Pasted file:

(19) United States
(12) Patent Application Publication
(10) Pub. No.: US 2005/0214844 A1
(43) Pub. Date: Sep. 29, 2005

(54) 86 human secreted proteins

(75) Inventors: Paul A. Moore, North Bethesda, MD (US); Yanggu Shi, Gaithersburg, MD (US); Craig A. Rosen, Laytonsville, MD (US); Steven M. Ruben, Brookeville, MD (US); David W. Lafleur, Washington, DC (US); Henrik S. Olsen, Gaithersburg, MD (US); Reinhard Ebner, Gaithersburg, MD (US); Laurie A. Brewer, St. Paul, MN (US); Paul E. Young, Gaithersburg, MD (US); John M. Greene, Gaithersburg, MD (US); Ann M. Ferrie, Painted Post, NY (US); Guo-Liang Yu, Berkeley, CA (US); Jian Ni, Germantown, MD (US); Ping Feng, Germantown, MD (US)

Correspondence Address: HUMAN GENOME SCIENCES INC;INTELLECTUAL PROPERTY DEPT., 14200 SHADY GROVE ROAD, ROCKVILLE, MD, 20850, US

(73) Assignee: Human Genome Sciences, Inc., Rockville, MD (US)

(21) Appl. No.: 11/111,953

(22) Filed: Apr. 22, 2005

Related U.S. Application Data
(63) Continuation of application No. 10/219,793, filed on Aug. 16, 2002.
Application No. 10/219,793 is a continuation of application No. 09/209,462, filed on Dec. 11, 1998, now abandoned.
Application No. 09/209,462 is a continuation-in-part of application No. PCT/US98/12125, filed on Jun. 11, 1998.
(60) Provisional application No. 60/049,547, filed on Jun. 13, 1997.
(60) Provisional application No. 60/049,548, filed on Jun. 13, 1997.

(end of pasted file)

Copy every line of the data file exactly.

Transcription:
(19) United States
(12) Patent Application Publication
(10) Pub. No.: US 2005/0214844 A1
(43) Pub. Date: Sep. 29, 2005

(54) 86 human secreted proteins

(75) Inventors: Paul A. Moore, North Bethesda, MD (US); Yanggu Shi, Gaithersburg, MD (US); Craig A. Rosen, Laytonsville, MD (US); Steven M. Ruben, Brookeville, MD (US); David W. Lafleur, Washington, DC (US); Henrik S. Olsen, Gaithersburg, MD (US); Reinhard Ebner, Gaithersburg, MD (US); Laurie A. Brewer, St. Paul, MN (US); Paul E. Young, Gaithersburg, MD (US); John M. Greene, Gaithersburg, MD (US); Ann M. Ferrie, Painted Post, NY (US); Guo-Liang Yu, Berkeley, CA (US); Jian Ni, Germantown, MD (US); Ping Feng, Germantown, MD (US)

Correspondence Address: HUMAN GENOME SCIENCES INC;INTELLECTUAL PROPERTY DEPT., 14200 SHADY GROVE ROAD, ROCKVILLE, MD, 20850, US

(73) Assignee: Human Genome Sciences, Inc., Rockville, MD (US)

(21) Appl. No.: 11/111,953

(22) Filed: Apr. 22, 2005

Related U.S. Application Data
(63) Continuation of application No. 10/219,793, filed on Aug. 16, 2002.
Application No. 10/219,793 is a continuation of application No. 09/209,462, filed on Dec. 11, 1998, now abandoned.
Application No. 09/209,462 is a continuation-in-part of application No. PCT/US98/12125, filed on Jun. 11, 1998.
(60) Provisional application No. 60/049,547, filed on Jun. 13, 1997.
(60) Provisional application No. 60/049,548, filed on Jun. 13, 1997.